Anti-PSD-93 Antibody (#APZ-002) is a highly specific antibody directed against an epitope of the rat protein. The antibody can be used in western blot, immunoprecipitation, immunohistochemistry, and immunocytochemistry applications. It has been designed to recognize PSD-93 from rat, mouse, and human samples.

    For research purposes only, not for human use
    Citations
      • Immunohistochemical staining of mouse sciatic nerve. Also tested in PSD93-/- mice.
        Horresh, I. et al (2008) J. Neurosci. 28, 14213.
      • HEK 293 transfected cells.
        Shukla, A. et al. (2017) EMBO J. 36, 458.
      • Mouse brain lysate.
        Lindquist, S. et al (2011) PLoS ONE 6, e23978.
      • Mouse cortical neuron lysate (1:1000).
        Zhang, M. et al (2010) Neuroscience 166, 1083.
      • Mouse brain lysate (1:1000).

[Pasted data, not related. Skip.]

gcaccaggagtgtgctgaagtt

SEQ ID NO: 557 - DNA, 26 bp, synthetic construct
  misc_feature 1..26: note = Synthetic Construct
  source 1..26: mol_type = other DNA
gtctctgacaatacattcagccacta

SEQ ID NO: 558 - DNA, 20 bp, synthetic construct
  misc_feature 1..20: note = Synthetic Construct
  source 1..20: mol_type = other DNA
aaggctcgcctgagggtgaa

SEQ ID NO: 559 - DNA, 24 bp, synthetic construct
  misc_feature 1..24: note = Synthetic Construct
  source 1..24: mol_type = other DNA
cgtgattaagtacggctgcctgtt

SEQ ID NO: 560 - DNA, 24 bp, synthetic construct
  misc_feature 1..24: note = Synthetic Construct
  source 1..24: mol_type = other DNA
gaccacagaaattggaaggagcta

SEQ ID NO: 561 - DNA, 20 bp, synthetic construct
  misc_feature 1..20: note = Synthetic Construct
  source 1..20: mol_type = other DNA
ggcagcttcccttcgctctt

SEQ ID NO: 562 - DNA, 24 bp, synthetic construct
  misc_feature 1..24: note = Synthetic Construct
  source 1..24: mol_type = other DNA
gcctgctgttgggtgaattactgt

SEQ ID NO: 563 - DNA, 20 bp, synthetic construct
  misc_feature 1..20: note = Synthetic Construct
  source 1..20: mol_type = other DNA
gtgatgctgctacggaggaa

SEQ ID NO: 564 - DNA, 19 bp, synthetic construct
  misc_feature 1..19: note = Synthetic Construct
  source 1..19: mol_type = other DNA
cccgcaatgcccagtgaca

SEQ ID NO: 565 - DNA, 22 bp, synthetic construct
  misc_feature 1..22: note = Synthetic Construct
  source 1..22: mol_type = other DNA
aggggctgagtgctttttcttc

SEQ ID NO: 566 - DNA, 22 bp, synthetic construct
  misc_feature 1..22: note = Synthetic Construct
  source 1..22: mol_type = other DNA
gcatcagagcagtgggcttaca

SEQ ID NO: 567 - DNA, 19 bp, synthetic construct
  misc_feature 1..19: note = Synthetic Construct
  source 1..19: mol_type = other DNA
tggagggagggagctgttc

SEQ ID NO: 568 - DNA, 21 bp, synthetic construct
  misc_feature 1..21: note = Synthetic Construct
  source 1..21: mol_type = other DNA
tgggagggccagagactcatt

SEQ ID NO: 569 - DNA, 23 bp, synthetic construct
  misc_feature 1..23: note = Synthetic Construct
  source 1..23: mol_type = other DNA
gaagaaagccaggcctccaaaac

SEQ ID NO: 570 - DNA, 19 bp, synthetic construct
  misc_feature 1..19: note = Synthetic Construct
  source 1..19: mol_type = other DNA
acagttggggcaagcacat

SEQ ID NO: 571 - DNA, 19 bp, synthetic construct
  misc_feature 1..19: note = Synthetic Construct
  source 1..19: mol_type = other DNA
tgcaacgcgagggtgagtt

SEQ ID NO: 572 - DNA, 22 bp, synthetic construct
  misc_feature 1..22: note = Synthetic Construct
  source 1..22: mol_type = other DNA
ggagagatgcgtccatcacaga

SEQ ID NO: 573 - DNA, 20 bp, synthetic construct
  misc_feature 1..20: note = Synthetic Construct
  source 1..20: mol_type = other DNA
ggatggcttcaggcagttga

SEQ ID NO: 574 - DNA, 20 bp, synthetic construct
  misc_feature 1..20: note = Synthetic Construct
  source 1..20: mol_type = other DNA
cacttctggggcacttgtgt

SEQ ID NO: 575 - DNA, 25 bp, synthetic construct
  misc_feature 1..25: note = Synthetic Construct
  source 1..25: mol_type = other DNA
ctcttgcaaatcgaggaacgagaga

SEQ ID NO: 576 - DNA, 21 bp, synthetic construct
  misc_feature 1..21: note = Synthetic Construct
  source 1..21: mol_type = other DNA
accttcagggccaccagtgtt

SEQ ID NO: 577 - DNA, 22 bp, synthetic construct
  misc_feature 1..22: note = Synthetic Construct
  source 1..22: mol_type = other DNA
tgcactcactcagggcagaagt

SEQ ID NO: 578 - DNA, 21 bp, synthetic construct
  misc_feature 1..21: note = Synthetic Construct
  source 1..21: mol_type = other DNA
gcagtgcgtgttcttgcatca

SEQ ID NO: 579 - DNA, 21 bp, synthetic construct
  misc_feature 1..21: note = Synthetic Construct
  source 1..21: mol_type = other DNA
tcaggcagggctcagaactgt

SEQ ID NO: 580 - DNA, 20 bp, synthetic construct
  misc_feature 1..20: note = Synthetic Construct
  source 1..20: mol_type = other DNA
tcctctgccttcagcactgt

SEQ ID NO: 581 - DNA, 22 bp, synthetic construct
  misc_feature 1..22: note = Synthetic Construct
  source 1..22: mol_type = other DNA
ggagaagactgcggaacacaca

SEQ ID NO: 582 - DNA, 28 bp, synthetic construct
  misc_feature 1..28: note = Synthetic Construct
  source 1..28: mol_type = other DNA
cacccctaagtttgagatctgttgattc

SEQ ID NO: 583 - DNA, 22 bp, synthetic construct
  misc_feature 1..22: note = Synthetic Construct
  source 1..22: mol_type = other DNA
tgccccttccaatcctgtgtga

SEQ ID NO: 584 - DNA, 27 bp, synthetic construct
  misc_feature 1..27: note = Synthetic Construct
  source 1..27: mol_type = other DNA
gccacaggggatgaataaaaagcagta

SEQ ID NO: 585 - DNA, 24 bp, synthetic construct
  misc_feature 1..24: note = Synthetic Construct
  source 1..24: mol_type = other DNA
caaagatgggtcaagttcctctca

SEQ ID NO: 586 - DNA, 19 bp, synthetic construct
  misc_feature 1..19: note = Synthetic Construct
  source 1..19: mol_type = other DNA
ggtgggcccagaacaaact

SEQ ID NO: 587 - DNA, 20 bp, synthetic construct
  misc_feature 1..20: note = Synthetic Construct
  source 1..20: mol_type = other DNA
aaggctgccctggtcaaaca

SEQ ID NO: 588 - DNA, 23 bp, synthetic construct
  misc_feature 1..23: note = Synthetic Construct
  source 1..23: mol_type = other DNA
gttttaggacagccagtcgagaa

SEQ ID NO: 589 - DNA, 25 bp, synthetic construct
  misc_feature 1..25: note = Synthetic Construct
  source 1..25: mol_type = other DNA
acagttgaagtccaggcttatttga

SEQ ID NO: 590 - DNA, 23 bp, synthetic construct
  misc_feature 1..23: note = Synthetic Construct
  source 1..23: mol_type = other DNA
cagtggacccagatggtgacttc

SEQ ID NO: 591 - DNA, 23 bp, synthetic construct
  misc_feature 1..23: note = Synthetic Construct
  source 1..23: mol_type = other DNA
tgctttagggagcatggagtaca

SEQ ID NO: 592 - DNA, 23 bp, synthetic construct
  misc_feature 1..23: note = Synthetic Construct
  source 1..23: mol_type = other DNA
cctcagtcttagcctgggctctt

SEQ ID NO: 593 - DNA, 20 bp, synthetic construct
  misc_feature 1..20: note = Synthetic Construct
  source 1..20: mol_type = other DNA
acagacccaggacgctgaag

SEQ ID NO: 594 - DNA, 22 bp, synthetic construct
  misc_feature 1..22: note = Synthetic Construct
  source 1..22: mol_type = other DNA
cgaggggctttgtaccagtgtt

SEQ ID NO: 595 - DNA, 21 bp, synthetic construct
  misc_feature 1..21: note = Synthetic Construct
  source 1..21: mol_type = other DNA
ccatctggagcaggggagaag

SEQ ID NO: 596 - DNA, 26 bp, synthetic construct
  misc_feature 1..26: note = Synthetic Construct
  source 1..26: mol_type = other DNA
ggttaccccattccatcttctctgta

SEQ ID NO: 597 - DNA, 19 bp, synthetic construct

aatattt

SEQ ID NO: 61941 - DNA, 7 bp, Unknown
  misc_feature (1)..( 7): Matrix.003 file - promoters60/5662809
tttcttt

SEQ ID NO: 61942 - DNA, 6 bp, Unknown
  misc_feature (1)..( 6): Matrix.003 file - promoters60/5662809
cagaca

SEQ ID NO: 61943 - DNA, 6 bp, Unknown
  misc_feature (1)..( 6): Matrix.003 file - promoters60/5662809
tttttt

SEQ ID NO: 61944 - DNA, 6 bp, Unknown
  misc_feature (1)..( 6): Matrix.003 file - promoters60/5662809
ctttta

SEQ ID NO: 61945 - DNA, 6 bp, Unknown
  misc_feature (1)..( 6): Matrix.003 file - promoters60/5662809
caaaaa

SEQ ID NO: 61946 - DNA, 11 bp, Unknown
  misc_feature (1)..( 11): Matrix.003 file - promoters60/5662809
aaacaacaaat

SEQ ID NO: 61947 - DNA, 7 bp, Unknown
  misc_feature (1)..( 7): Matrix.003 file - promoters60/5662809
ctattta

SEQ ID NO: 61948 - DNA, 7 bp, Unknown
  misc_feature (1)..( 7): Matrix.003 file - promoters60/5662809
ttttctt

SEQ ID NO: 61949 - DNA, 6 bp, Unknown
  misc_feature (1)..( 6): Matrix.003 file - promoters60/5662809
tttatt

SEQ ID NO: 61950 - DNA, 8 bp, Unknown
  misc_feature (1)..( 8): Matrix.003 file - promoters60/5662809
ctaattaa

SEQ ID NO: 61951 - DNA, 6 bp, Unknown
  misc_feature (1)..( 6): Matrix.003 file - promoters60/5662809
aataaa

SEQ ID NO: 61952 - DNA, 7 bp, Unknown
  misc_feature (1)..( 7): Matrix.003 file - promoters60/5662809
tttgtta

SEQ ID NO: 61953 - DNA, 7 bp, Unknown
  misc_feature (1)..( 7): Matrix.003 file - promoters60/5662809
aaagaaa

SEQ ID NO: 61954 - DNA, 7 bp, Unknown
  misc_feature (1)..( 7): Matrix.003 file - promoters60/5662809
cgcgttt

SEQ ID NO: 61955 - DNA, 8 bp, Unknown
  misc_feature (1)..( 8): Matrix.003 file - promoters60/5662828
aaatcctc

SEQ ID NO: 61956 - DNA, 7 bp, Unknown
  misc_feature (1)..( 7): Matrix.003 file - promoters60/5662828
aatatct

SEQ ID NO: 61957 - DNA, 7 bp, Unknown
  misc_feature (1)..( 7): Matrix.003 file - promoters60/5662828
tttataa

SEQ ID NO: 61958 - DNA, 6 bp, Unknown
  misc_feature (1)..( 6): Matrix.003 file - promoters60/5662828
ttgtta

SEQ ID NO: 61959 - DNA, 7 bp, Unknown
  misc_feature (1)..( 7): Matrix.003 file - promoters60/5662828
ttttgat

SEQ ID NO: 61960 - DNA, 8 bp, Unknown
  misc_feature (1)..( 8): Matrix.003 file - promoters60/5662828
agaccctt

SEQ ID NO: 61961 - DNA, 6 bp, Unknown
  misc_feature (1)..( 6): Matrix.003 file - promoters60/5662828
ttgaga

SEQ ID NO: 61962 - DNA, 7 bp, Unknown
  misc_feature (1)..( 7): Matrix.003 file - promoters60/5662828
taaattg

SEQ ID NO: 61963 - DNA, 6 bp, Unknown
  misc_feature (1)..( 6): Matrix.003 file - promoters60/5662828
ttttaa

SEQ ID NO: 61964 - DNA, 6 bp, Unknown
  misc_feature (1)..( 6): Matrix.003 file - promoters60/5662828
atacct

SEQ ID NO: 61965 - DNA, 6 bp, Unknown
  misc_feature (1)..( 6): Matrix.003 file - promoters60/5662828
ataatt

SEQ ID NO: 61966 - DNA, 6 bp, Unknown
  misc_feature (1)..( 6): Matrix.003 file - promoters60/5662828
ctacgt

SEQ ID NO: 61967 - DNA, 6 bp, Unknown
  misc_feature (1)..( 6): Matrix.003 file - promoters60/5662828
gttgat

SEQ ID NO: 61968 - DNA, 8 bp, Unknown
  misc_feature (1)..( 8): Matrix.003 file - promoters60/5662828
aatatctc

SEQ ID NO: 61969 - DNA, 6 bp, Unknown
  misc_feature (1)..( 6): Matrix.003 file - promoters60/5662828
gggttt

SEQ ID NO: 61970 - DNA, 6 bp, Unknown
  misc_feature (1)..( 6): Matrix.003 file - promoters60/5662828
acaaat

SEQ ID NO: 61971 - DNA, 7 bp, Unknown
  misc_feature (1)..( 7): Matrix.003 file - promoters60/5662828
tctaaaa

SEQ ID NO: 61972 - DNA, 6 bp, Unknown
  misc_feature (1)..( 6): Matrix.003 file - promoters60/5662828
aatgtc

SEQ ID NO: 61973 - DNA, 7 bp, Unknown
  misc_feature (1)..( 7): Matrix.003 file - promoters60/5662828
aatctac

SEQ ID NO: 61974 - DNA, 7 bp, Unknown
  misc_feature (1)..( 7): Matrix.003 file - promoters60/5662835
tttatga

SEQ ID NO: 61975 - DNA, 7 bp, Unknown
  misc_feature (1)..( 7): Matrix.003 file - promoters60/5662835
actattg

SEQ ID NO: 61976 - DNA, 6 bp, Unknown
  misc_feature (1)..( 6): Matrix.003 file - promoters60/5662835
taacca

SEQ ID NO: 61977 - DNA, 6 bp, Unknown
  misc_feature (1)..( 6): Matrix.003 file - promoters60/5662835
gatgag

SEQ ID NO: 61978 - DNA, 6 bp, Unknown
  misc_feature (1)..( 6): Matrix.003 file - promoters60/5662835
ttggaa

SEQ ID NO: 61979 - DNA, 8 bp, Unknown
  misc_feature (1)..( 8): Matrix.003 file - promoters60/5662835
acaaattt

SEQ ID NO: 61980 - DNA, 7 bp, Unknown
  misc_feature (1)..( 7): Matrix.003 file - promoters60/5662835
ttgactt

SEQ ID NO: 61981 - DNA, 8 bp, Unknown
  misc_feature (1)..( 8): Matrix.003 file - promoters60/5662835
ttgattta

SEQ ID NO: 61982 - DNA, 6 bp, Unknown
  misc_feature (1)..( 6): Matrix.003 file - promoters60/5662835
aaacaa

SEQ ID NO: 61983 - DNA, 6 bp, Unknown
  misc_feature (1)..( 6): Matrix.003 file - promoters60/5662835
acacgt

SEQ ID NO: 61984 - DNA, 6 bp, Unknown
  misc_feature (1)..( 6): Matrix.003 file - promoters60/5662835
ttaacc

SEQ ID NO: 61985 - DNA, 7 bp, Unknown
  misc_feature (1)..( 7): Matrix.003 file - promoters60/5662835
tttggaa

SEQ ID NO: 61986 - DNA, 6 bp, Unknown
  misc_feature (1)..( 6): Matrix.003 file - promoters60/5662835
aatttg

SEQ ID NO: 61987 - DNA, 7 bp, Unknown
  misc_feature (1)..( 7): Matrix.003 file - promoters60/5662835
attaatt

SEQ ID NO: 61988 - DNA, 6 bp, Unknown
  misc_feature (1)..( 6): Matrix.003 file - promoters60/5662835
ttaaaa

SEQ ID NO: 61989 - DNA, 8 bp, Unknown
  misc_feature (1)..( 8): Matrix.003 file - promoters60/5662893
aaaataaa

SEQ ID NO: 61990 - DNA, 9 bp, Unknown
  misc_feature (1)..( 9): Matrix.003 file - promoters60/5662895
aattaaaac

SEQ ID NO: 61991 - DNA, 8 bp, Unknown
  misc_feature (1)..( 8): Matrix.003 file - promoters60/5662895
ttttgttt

Liaw, W-J. et al (2008) Mol. Pain 4, 45.
      • Mouse brain lysate.
        Jarabek, B.R. et al. (2004) Brain 127, 505.
      • Chick brain lysate.
        Temburni, M.K. et al. (2004) J. Neurosci. 24, 6776.
      • COS7 cells and mouse brain lysate.
        Nada, S. et al. (2003) J. Biol. Chem. 278, 47610.
      • COS7 cells and mouse brain lysate.
        Nada, S. et al. (2003) J. Biol. Chem. 278, 47610.
      • Mouse sciatic nerve. Also tested in PSD93-/- mice.
        Horresh, I. et al (2008) J. Neurosci. 28, 14213.
      • Chick ciliary ganglion cells.
        Temburni, M.K. et al. (2004) J. Neurosci. 24, 6776.
      • Ogawa, Y. et al (2008) J. Neurosci. 28, 5731.
      • Sans, N. et al. (2000) J. Neurosci. 20, 1260.